It appears many opiate users are dying because they're using (and combining) their drugs unsafely, e.g., mixing them with alcohol, taking fentanyl when they think it's heroin, etc.
I think I may have found a link between opiate and smartphone addiction: the lack of a strong meaning loop.
Startups are incubation laboratories for features that—if popular—will inevitably end up in the platforms and operating systems themselves.
I've started a new series for members called Algorithmic Learning, where I define a practical methodology for doing a specific task. The first edition is on Leadership, and it describes my personal approach to leadership, a system for building a new team, and ways of handling various leadership situations. Really looking forward to feedback and ideas on how to improve it. (Member Content)
You can edit your /etc/pam.d/sudo file in macOS to allow you to sudo using your fingerprint on a new MacBook Pro.
Digital Ocean has put out a nice Introduction to Machine Learning.
AWS has released some new AMIs for learning Deep Learning.
How Facebook figures out everyone you've ever met.
Chaining web vulnerabilities to get RCE
I finished BoBos in Paradise, by David Brooks, and started and finished Leadership Step by Step, by Joshua Spodek. Both were fantastic. I started Losing Ground, by Charles Murray, but I think I already know and accept the conclusion, so I put that one down. Also reading Player Piano, by Vonnegut, which I tried to get through before but stumbled in the beginning.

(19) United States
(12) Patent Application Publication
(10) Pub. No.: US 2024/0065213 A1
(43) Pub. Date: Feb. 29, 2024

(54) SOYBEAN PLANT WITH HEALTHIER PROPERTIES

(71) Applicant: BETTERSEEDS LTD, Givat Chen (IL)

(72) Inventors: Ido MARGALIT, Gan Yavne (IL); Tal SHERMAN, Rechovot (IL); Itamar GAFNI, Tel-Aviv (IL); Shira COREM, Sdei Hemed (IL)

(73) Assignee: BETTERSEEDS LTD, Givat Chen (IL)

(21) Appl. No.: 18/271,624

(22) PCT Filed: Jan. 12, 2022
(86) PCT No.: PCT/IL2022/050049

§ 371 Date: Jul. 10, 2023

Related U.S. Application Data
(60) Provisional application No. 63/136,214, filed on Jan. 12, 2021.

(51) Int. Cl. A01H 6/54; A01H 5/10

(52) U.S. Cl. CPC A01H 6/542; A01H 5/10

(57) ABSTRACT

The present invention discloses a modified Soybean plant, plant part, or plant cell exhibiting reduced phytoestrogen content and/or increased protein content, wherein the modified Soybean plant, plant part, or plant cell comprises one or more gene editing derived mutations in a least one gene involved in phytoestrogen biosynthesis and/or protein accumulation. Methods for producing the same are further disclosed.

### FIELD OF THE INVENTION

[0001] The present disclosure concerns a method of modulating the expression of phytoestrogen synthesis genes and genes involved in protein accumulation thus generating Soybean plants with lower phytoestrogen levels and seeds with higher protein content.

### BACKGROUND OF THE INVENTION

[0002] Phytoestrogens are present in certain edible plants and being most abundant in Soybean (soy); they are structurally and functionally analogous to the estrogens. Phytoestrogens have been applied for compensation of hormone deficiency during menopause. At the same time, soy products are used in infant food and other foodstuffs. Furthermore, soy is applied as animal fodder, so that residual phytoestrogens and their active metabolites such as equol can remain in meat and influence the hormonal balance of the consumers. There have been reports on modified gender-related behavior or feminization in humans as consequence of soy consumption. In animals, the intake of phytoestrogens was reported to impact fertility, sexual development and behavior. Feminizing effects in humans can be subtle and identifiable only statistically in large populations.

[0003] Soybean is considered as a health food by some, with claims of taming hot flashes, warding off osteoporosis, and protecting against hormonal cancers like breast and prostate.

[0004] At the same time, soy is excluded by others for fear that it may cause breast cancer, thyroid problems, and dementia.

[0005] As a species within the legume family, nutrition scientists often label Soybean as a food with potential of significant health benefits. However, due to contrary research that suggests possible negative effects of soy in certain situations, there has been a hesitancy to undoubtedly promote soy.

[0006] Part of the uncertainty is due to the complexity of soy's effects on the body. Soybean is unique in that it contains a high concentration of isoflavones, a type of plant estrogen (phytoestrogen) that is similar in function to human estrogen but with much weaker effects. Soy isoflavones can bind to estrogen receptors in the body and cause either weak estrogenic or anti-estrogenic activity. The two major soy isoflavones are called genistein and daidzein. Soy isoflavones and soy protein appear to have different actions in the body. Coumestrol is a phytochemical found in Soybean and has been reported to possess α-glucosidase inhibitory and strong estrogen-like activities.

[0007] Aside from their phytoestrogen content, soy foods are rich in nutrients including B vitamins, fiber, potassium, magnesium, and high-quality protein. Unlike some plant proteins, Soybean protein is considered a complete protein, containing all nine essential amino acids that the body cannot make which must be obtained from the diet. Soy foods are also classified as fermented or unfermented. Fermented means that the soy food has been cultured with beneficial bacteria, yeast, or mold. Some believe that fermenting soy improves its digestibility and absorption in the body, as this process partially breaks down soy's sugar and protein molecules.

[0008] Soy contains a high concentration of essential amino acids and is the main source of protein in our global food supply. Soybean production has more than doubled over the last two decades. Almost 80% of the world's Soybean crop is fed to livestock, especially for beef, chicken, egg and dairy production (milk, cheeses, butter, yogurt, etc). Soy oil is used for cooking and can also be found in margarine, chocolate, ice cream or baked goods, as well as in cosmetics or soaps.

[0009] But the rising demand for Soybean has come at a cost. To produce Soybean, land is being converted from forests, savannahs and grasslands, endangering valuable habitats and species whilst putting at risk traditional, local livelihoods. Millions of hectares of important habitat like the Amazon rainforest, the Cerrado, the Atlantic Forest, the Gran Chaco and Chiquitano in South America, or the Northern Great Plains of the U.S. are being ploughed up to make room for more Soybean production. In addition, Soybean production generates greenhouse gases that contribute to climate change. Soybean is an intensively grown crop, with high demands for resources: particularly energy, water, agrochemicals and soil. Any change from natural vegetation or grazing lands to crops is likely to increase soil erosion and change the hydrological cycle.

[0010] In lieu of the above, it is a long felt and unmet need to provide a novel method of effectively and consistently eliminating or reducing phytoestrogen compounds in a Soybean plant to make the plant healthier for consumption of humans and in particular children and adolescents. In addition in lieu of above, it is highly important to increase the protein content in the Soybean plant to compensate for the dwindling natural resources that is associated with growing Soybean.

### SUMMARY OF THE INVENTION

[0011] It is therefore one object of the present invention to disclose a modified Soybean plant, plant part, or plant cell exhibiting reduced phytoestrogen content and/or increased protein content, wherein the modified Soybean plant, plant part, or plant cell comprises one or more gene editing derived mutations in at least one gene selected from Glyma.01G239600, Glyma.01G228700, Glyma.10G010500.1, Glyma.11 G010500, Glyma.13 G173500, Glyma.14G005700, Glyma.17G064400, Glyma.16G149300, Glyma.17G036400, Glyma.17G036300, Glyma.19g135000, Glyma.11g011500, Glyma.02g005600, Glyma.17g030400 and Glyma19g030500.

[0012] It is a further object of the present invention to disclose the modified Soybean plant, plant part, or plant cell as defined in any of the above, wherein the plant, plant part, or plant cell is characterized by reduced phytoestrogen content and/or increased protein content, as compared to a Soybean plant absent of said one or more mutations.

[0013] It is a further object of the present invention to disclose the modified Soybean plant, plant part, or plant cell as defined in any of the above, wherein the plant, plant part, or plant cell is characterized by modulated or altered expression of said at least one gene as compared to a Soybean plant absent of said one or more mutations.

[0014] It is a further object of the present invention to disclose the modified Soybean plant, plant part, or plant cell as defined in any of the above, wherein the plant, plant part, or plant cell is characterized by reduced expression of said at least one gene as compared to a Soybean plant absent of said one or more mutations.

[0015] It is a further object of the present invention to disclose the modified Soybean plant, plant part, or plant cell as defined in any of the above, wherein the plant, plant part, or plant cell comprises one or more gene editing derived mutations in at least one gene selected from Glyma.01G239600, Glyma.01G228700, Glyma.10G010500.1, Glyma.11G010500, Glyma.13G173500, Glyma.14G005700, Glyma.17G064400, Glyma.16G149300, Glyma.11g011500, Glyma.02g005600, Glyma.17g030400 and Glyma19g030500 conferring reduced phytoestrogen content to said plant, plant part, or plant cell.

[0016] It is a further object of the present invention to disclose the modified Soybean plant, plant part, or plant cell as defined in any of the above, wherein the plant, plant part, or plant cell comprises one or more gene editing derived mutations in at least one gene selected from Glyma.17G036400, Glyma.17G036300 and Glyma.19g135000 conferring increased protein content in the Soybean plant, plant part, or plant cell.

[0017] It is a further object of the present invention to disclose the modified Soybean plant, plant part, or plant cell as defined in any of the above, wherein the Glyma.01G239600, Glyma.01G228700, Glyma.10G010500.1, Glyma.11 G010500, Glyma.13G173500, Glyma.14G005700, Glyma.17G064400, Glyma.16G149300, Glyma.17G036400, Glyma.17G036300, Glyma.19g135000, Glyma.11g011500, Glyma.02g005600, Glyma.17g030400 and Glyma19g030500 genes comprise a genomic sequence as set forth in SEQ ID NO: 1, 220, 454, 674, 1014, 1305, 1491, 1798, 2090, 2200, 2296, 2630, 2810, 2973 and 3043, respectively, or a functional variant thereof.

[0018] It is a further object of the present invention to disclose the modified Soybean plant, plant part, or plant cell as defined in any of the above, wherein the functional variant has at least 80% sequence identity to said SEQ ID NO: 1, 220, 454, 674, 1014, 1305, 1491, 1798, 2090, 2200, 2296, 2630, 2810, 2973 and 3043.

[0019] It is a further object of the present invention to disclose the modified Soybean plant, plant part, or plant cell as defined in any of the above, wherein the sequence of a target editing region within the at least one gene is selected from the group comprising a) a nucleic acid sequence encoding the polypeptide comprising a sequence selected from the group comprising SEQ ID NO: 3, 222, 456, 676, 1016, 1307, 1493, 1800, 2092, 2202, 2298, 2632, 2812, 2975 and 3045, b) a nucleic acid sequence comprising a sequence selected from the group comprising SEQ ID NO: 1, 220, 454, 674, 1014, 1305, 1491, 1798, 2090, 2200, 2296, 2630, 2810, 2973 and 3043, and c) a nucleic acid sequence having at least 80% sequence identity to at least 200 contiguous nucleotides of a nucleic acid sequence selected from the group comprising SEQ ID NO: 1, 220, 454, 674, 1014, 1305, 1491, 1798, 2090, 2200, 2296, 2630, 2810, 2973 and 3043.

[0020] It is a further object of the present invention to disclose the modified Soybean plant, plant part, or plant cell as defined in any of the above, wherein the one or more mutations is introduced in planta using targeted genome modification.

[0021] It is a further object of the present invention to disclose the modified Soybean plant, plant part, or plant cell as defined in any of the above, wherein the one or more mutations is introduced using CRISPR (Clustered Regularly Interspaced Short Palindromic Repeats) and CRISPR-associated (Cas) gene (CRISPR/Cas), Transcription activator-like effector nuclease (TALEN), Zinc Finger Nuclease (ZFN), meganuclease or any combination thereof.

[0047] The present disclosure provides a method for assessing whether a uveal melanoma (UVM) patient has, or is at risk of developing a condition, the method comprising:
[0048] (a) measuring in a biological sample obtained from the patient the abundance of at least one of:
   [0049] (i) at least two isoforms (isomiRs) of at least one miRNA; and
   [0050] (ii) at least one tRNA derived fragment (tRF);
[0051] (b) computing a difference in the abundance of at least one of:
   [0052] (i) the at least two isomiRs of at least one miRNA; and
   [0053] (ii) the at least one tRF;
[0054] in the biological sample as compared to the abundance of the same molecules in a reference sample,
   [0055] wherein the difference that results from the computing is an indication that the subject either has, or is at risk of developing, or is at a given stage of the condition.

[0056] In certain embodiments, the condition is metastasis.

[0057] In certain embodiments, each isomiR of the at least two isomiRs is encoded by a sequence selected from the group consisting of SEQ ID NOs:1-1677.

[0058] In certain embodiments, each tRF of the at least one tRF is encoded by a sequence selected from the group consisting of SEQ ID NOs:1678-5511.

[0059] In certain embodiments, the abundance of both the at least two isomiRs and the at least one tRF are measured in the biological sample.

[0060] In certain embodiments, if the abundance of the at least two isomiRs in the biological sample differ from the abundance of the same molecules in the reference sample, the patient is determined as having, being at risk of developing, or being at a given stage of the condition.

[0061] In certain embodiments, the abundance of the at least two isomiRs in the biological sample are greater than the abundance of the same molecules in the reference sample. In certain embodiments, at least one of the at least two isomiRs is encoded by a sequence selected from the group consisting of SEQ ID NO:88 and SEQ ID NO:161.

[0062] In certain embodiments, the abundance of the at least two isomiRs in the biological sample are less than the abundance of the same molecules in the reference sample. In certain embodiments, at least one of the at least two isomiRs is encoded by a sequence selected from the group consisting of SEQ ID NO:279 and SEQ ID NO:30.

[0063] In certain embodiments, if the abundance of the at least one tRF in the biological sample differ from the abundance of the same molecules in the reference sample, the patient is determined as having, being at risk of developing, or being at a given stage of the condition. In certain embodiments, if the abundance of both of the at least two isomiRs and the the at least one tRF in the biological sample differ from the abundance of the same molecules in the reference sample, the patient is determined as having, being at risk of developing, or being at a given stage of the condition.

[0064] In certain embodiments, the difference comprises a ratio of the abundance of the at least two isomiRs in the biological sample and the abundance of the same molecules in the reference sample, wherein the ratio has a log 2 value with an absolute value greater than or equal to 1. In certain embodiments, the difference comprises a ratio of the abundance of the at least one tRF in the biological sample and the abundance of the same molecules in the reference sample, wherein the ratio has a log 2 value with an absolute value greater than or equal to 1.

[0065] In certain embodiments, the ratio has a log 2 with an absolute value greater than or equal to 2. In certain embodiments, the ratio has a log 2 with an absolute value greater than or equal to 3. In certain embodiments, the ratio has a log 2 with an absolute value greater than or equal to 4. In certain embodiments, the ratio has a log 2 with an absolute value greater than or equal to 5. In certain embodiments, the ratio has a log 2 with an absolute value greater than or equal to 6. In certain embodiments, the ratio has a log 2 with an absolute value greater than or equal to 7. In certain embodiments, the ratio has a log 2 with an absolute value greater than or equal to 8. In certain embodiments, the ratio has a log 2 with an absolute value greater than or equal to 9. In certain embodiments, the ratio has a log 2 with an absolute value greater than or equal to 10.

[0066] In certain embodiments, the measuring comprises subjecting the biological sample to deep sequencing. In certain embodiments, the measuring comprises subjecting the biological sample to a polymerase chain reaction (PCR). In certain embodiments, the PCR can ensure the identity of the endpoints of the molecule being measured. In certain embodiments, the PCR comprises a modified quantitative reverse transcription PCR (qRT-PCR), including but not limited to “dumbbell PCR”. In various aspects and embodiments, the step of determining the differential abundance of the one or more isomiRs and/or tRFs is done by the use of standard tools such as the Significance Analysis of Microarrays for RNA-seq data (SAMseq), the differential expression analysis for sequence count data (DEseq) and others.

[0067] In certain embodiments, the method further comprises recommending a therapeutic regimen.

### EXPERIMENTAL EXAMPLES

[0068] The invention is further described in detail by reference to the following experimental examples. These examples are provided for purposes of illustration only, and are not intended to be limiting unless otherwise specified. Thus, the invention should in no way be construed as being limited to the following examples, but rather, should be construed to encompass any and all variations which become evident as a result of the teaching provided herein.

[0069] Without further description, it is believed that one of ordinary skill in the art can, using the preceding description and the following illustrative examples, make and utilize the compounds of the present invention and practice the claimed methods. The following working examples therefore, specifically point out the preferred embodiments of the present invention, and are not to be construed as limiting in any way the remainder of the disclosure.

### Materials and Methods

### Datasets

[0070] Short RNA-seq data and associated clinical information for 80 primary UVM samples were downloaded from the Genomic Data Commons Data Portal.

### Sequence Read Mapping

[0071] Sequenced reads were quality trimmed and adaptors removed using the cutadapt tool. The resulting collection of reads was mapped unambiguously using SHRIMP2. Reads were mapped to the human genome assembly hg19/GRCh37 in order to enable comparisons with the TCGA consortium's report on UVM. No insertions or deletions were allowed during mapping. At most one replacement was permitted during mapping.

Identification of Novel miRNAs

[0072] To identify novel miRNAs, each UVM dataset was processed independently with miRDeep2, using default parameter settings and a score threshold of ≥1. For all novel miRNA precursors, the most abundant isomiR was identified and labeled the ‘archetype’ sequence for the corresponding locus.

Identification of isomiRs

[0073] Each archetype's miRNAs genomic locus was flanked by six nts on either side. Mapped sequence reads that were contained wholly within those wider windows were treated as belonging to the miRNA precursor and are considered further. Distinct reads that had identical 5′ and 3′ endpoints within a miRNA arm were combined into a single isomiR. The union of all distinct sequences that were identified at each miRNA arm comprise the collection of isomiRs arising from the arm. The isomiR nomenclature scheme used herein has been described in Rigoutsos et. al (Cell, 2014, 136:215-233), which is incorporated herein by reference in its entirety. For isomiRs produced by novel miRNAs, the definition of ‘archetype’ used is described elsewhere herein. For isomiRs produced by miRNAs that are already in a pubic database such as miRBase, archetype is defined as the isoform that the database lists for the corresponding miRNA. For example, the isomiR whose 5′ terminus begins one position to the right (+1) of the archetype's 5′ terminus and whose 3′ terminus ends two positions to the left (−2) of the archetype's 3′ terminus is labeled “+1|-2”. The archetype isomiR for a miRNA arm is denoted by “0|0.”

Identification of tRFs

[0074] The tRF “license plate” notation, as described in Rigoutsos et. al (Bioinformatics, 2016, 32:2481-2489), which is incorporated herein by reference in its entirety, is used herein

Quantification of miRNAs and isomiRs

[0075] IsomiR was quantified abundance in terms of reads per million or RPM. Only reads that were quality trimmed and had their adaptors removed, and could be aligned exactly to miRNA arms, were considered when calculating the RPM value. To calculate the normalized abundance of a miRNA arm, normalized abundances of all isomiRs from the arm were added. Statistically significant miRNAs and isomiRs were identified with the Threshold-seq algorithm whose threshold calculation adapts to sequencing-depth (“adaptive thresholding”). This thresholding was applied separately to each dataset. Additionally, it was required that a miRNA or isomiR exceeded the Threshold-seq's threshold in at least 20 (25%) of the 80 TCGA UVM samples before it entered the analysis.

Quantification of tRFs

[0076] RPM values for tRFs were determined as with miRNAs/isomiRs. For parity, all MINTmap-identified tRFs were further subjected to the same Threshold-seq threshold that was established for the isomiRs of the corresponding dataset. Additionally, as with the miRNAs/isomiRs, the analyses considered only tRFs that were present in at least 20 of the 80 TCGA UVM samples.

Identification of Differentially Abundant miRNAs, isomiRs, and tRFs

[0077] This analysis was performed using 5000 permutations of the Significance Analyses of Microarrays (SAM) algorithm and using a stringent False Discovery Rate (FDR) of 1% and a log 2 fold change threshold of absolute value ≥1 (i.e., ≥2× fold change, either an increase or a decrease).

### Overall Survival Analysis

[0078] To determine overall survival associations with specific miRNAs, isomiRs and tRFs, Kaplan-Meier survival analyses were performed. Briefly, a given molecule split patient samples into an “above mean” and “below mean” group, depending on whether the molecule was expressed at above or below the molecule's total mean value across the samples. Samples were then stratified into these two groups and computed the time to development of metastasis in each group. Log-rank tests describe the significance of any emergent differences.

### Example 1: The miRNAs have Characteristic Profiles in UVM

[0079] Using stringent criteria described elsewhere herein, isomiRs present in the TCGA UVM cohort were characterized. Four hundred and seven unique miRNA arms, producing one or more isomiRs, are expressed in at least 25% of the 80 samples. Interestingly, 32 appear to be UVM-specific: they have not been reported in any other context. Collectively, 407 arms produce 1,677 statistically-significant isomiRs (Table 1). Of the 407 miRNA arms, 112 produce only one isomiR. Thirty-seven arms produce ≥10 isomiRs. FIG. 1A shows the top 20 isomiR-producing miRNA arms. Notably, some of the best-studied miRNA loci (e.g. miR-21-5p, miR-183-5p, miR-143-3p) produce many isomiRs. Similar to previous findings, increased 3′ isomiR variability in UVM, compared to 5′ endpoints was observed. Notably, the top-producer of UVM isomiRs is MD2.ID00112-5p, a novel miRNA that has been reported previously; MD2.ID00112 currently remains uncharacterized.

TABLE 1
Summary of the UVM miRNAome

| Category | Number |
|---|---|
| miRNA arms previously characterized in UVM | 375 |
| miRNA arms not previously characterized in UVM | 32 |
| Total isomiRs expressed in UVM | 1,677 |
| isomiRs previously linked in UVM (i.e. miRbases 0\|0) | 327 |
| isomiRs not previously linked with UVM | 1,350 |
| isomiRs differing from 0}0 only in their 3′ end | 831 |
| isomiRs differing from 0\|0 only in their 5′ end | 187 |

I had LASIK at UC Berkeley. I'm a few days into recovery and my near vision is unbelievable. My distance vision is still a bit suspect, but it's improving every day. I had a 70 second laser burn because I was farsighted. I have some star bursting, which is a symptom of the swelling, but I'm hopeful it'll completely disappear within a month or so. Overall, couldn't be happier.
A number of groups have released basic security guides. Here's Motherboard's Guide to Not Getting Hacked, the EFF on Surveillance Self-defense, and @InfoSecTaylorSwift's Decent Security. These are good for getting less savvy loved ones up to speed on the basics.
Subscribe to my site's RSS feed. The feed has full text so you don't have to click through to read, but I recommend that you do. It looks better due to the time I've spent on typography and design, and you can comment on the site as well.
When at a conference, encourage people to stand in the Pac Man formation, which allows space for one more person to join your group.
“We are what we repeatedly do.”